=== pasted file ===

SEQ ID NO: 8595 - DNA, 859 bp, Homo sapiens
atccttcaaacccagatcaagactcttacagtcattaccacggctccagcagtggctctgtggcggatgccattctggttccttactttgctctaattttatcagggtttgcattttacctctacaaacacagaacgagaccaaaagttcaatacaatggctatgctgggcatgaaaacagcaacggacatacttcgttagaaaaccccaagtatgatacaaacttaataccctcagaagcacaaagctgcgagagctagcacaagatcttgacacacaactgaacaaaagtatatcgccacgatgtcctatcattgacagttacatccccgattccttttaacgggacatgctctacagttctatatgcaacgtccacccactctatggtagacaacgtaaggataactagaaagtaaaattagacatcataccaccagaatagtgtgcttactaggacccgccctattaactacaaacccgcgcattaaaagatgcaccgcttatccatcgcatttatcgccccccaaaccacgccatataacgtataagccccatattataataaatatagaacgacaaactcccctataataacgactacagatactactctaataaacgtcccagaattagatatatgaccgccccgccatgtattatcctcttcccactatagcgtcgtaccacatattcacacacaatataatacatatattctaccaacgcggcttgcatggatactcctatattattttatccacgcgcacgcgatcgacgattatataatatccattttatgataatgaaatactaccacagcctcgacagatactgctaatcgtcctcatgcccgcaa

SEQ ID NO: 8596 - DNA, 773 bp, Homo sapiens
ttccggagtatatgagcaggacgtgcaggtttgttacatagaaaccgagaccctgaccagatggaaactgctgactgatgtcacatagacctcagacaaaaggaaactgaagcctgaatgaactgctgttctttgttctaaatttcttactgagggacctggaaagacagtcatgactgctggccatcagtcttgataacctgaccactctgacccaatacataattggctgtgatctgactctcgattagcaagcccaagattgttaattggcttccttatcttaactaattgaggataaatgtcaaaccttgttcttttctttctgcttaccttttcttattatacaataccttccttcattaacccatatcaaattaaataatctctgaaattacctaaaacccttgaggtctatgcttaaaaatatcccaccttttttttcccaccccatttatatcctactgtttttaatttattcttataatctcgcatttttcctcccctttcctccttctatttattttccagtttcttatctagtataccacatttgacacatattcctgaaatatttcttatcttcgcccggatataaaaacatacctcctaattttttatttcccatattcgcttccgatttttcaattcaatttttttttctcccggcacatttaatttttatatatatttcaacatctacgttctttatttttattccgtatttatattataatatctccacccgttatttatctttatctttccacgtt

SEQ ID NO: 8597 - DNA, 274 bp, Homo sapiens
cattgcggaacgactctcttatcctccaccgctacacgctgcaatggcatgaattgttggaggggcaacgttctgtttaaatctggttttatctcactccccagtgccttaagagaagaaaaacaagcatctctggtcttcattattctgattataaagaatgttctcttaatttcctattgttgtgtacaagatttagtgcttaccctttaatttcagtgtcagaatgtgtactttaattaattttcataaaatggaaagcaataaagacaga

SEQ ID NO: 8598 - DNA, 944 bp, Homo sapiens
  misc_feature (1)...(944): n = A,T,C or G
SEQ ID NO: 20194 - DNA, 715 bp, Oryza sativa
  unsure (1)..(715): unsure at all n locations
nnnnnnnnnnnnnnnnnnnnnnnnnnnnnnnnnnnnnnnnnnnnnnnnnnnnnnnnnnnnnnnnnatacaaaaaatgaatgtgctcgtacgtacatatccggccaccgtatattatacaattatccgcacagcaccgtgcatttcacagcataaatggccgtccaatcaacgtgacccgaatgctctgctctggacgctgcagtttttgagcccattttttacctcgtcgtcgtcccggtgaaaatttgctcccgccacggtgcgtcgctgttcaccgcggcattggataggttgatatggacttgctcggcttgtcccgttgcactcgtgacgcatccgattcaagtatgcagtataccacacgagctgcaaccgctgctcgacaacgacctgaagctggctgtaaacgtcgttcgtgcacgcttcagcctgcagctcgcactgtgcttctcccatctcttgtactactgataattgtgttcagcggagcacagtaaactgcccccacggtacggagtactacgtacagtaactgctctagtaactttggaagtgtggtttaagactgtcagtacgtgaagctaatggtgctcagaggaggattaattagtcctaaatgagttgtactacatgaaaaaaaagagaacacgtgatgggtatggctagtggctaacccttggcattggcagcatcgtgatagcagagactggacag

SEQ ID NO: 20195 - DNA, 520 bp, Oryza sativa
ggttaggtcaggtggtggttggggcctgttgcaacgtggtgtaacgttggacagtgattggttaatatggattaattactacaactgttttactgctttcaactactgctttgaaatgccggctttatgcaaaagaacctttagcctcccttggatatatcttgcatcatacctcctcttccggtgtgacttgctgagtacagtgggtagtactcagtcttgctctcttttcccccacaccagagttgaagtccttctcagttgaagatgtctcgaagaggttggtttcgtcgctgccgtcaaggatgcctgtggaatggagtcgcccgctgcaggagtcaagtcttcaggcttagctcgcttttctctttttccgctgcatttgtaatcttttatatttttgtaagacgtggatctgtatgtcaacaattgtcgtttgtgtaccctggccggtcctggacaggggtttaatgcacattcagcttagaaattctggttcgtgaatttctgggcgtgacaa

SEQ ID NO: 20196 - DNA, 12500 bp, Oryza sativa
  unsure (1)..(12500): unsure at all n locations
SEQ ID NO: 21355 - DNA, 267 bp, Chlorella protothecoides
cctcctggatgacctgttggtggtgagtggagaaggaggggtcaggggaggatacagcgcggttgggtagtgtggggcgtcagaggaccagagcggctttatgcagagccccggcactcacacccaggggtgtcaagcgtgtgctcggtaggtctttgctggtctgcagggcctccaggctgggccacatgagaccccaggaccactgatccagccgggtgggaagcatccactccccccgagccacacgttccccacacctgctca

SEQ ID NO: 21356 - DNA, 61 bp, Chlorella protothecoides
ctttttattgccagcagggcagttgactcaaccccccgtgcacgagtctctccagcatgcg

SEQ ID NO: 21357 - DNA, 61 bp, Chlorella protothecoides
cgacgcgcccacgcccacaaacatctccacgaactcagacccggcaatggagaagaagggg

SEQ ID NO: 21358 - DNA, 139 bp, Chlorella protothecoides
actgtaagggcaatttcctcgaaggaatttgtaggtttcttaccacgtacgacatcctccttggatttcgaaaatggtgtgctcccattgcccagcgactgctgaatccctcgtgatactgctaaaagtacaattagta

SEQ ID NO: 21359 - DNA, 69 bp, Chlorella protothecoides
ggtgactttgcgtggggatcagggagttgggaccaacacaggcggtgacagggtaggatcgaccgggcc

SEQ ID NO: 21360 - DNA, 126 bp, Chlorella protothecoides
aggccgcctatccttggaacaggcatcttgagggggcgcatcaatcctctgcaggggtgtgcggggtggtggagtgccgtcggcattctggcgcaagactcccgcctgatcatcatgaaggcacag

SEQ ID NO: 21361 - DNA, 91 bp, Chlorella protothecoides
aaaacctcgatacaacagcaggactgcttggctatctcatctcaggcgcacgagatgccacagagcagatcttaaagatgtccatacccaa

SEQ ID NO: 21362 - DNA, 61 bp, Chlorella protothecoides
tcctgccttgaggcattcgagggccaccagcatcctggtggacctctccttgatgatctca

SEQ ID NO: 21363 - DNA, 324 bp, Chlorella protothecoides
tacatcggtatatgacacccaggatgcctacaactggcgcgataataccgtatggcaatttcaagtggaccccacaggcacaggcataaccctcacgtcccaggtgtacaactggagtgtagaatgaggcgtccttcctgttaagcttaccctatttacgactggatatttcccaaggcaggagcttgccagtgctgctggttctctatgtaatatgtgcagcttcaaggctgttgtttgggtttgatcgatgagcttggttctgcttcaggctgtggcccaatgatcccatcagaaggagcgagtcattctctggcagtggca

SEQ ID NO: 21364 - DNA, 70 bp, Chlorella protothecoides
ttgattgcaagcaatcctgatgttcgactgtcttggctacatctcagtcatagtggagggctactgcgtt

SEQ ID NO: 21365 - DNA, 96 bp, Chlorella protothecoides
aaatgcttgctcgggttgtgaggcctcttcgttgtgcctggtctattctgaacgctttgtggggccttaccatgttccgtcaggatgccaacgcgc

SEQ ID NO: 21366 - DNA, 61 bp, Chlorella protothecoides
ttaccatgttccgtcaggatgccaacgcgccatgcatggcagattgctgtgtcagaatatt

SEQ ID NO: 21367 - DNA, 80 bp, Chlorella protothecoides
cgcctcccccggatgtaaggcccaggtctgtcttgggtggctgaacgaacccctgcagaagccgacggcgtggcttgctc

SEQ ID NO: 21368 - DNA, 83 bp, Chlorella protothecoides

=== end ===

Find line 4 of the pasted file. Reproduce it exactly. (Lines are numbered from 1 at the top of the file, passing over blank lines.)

ttccggagtatatgagcaggacgtgcaggtttgttacatagaaaccgagaccctgaccagatggaaactgctgactgatgtcacatagacctcagacaaaaggaaactgaagcctgaatgaactgctgttctttgttctaaatttcttactgagggacctggaaagacagtcatgactgctggccatcagtcttgataacctgaccactctgacccaatacataattggctgtgatctgactctcgattagcaagcccaagattgttaattggcttccttatcttaactaattgaggataaatgtcaaaccttgttcttttctttctgcttaccttttcttattatacaataccttccttcattaacccatatcaaattaaataatctctgaaattacctaaaacccttgaggtctatgcttaaaaatatcccaccttttttttcccaccccatttatatcctactgtttttaatttattcttataatctcgcatttttcctcccctttcctccttctatttattttccagtttcttatctagtataccacatttgacacatattcctgaaatatttcttatcttcgcccggatataaaaacatacctcctaattttttatttcccatattcgcttccgatttttcaattcaatttttttttctcccggcacatttaatttttatatatatttcaacatctacgttctttatttttattccgtatttatattataatatctccacccgttatttatctttatctttccacgtt